Maybe it’s the singletrack of Kitsuma or the whitewater of Wilson Creek. Perhaps it’s the Art Loeb Trail through Shining Rock or the ancient forests of Joyce Kilmer. Or it could be the swimming hole below Looking Glass Falls or the panoramic views from Max Patch. There are about as many reasons for loving the Pisgah-Nantahala National Forest as there are people who visit it. Nearly 7 million people visited the Pisgah-Nantahala last year, and most of them came to explore its scenic wonders.In the next year, the Forest Service will release a 30-year plan that will decide how much of the Pisgah-Nantahala National Forest will be cut down and how much will be protected. So far, preliminary drafts have not protected many treasured areas, including iconic corridors for the Appalachian Trail, Mountains to Sea Trail, Bartram Trail, Benton MacKaye Trail, and Art Loeb Trail. Many old-growth forests and classic recreational hubs are also left unprotected.So a broad, diverse coalition of outdoor organizations, conservation groups, breweries, restaurants, outfitters, camps, guides, local businesses, politicians, and everyday citizens have joined together to create I HEART PISGAH.The I HEART PISGAH coalition supports strong, lasting protections for Pisgah-Nantahala National Forest, especially its trails, water, vistas, and recreational hotspots.North Carolina’s Pisgah-Nantahala National Forest is the second-most-visited national forest in the country. According to the Forest Service’s 2014 Assessment, over 90 percent of visitors to Pisgah-Nantahala National Forest are hikers, bikers, runners, paddlers, climbers, anglers, naturalists, photographers, and nature-seeking outdoor enthusiasts.However, recreation and conservation have not been prioritized in preliminary drafts of the Forest Service’s 30-year forest plan.“The I HEART PISGAH coalition wants to show the Forest Service how many people of all ages and backgrounds love and cherish the natural wonders of the forest,” says organizer Hannah Furgiuele, who is also producing a video for the campaign. “We hope the Forest Service will prioritize the protection of the forests’ vital natural and recreational resources.”Tourism and recreation in the 1.1-million-acre Pisgah National Forest is the main economic engine of Western North Carolina. The Pisgah-Nantahala also provides clean drinking water for Asheville and dozens of towns across the region, and its scenic vistas boost property values and attract businesses.Joining the I HEART PISGAH coalition is free and open to anyone—individuals as well as organizations and businesses. Blue Ridge Outdoors Magazine is a proud member. Visit iheartpisgah.org to feel the love.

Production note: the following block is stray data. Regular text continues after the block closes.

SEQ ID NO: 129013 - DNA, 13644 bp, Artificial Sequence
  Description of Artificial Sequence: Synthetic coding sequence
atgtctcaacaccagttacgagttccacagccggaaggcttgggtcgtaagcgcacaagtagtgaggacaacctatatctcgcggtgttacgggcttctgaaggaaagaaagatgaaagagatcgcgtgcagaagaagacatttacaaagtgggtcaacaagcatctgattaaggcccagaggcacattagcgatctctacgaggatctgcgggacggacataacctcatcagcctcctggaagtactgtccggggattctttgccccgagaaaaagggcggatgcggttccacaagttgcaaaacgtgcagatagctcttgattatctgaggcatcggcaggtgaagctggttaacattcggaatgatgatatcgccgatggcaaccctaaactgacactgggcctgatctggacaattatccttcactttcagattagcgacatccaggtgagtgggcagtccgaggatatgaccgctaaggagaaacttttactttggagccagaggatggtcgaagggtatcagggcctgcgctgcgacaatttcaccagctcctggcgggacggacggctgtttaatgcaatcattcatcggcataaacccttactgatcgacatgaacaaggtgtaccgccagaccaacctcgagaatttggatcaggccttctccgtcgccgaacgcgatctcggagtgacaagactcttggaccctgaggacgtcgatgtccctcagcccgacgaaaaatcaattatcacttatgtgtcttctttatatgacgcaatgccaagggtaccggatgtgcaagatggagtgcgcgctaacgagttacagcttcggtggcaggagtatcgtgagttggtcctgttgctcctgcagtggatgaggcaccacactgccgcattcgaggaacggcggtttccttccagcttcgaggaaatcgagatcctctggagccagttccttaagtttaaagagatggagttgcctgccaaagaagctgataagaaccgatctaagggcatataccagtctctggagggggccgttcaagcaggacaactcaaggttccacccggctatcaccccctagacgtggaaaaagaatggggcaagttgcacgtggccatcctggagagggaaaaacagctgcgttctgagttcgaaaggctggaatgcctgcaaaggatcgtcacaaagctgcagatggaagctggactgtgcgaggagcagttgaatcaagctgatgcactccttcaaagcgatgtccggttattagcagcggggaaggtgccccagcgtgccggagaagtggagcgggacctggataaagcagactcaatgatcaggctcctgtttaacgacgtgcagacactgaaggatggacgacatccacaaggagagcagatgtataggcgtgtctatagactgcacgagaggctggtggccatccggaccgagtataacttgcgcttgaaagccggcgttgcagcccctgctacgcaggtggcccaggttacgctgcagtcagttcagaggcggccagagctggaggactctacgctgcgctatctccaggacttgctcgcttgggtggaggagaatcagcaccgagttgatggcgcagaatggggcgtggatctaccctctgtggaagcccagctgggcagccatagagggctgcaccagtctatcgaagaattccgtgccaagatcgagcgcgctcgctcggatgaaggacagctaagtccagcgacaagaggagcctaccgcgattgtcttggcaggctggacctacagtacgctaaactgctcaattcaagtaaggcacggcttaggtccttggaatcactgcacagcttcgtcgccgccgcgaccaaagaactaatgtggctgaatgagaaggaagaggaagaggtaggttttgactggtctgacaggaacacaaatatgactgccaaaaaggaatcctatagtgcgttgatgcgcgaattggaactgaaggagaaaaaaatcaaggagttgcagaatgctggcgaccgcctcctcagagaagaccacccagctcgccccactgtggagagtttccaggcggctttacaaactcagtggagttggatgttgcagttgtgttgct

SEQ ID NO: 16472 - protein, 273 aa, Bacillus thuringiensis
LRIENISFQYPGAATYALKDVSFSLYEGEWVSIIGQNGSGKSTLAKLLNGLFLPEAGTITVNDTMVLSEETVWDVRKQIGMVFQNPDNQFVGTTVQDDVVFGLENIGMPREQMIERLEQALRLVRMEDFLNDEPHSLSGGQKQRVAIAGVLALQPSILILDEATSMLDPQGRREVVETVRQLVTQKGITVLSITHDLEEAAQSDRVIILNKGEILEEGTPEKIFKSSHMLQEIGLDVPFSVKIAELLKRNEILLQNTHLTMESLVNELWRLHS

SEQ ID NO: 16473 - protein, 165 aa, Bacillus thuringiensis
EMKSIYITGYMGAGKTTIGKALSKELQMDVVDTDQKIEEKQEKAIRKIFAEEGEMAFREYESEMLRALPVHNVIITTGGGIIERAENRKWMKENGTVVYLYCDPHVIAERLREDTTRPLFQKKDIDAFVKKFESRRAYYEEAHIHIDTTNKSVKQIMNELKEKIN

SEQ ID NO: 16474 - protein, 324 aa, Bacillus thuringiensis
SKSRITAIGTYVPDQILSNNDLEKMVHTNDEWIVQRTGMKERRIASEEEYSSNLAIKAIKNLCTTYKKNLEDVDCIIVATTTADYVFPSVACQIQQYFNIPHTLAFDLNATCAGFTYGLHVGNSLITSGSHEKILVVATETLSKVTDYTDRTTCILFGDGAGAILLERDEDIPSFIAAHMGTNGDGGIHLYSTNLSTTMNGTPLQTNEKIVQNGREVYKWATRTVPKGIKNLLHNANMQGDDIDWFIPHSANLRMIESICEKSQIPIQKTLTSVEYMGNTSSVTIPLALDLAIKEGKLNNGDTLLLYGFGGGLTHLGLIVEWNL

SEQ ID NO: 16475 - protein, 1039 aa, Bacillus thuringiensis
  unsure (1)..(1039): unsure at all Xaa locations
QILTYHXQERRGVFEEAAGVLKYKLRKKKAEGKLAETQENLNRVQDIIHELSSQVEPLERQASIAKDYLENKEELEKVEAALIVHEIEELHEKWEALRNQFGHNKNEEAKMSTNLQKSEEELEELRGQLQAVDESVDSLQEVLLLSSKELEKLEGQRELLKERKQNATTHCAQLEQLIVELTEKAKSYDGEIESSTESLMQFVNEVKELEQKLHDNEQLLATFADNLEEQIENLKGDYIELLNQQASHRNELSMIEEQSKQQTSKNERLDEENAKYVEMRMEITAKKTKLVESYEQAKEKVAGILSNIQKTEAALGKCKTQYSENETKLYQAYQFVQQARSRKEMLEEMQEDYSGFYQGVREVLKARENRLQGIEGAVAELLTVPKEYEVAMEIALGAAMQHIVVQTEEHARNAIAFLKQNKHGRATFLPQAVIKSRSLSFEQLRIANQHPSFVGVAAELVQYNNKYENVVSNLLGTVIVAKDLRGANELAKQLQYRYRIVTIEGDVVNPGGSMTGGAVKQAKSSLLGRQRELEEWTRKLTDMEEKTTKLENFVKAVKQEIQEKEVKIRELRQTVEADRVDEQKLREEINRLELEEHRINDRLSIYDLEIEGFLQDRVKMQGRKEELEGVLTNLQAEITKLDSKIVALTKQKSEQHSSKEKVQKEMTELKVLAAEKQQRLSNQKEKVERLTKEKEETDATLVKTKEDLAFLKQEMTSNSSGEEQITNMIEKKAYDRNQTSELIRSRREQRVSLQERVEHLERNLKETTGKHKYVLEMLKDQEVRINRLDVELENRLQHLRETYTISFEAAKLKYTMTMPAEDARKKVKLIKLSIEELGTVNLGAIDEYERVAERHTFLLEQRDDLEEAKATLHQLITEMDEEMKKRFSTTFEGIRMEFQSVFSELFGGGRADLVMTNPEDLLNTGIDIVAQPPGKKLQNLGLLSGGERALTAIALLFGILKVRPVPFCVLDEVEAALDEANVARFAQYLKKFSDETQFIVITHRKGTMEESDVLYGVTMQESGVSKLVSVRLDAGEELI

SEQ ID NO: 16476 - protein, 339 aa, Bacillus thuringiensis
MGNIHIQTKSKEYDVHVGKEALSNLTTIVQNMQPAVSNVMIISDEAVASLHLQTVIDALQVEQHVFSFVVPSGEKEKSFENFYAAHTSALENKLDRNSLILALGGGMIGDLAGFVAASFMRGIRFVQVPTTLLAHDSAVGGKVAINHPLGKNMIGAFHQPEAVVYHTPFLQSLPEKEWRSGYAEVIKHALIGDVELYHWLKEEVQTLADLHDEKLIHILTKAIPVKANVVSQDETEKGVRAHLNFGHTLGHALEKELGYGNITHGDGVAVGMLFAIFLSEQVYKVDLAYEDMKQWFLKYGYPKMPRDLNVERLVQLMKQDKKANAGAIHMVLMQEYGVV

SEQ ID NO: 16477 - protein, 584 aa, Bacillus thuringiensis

The poll also suggested the importance of telecommuting: an 85% majority agreed strongly or somewhat that employees would be reluctant to come to work in a pandemic. The survey was taken in the afternoon, after the attendees had listened to several presentations about the pandemic threat posed by the H5N1 avian flu virus and the potential effects of a pandemic on business. Not surprisingly, the results showed that the companies take the threat of a pandemic seriously. Thirteen percent of the attendees expressed the view that a pandemic is imminent. Another 44% expect one within 2 years, and 38% expect one within 10 years. Feb 15, 2006 (CIDRAP News) A large majority of about 300 business officials at a conference in Minneapolis believe that an influenza pandemic would significantly affect their business, but only 18% of the companies have completed a preparedness plan, according to a poll taken yesterday. The group evidenced an ambivalent view of the role of government in coping with a flu crisis. A 53% majority said the federal government is definitely not doing enough to prepare the private sector for the threat, while only 3% said the government is doing enough. Eighty-four percent of the respondents said they “definitely” believed that a pandemic would disrupt their supply chains, and 14% called this outcome probable. Forty-five percent were convinced that national borders would be closed during a pandemic; another 30% thought this was somewhat likely. Fifty-nine percent of respondents to the electronic poll said their companies had started working on pandemic preparedness but did not yet have a plan in place. Another 21% said they hadn’t started planning, and 2% said they would rely on their existing crisis management plan. Twenty-three percent said their company perceived the likely impact of a pandemic on its operations as a “crisis,” 40% viewed the impact as serious, and 25% called it important. More than three fourths76%of the officials were sure that social unrest would be an “important feature” of a pandemic. Three fourths of the companies agreed that information-technology preparedness, especially having secure remote access to their computer systems, would be a “key issue” for them. Close to two thirds said they were already prepared or somewhat prepared to move employees to remote locations or let them work at home, while 29% said they were not prepared. At the same time, a 73% majority thought government interventions would have a major impact on their business during a pandemic, and nearly as many68%thought that impact would be unfavorable. And an overwhelming 92% agreed that developing relationships now with local governments would help them respond to a pandemic. The meeting at the Minneapolis Convention Center drew representatives of more than 200 companies with a total of more than 7.5 million employees and $2.6 trillion in annual revenue. The healthcare sector was the most heavily represented, supplying 22% of the attendees, according to the poll. The retail and wholesale trade, manufacturing, professional services, and financial and insurance sectors each accounted for about 15%. The poll was taken during a national meeting sponsored by the University of Minnesota Center for Infectious Disease Research and Policy, publisher of the CIDRAP web site, and the US and Minnesota Chambers of Commerce. Respondents had 10 seconds to answer each question, and the results were tabulated and reported immediately. Communication was listed as the most important planning area by 52% of the respondents. Smaller groups chose supply chains (28%) and information systems (16%) as most important.